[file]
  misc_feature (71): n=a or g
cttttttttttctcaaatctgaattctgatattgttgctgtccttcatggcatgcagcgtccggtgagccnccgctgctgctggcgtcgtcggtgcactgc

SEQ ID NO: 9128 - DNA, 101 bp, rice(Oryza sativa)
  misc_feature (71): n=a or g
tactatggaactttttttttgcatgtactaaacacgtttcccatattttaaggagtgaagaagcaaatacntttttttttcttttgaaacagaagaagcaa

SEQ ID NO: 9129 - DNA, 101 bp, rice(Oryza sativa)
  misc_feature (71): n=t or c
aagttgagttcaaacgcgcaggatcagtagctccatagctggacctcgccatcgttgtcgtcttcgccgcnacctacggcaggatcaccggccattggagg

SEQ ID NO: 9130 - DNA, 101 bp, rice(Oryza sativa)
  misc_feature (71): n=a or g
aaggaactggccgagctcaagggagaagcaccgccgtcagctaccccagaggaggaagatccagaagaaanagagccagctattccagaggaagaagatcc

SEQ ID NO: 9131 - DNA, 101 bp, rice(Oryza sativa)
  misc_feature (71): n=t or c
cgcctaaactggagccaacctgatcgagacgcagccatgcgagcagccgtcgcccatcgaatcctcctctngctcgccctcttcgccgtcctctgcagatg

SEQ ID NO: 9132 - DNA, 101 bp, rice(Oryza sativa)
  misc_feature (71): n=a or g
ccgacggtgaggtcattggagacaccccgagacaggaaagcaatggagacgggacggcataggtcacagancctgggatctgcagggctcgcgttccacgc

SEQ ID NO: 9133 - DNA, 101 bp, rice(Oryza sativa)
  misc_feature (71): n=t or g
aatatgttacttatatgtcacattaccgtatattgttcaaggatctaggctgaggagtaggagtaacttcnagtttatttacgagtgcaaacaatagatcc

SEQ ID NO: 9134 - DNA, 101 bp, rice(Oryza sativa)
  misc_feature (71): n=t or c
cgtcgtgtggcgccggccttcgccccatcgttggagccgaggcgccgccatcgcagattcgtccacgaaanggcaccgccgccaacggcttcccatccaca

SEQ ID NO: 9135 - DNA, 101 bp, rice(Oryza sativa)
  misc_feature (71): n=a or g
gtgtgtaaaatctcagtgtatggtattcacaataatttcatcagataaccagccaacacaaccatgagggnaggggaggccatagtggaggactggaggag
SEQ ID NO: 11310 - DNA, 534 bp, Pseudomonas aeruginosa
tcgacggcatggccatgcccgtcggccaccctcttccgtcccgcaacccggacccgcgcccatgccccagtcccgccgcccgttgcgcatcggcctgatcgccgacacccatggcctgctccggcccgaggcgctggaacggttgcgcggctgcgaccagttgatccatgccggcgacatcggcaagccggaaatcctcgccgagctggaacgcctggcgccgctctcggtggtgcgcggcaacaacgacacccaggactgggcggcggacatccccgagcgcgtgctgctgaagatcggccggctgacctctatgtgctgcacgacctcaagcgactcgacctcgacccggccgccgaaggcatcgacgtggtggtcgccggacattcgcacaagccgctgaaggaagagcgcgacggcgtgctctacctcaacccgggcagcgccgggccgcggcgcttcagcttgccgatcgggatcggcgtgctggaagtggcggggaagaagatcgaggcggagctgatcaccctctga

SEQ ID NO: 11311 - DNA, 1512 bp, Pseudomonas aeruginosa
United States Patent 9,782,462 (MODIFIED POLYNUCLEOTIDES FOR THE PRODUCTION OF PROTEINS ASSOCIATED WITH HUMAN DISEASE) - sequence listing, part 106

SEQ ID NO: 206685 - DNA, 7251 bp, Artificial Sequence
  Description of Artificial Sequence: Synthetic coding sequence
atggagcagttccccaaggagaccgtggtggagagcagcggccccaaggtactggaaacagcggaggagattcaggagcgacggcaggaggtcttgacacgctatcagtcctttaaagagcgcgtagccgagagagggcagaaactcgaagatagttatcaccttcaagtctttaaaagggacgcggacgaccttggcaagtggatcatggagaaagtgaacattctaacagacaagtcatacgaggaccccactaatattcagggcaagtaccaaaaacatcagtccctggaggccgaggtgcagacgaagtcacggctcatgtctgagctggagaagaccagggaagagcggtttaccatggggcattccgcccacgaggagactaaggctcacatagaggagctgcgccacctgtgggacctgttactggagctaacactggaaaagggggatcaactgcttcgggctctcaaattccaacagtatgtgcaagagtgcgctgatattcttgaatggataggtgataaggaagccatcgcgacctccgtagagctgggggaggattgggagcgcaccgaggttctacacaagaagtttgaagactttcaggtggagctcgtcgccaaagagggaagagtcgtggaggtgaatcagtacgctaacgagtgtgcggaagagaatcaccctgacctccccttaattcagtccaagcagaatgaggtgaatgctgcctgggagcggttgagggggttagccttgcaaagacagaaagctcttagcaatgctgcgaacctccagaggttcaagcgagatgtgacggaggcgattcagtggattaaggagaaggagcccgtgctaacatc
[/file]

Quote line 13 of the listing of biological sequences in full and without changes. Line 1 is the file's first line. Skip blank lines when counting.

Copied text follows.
  misc_feature (71): n=t or c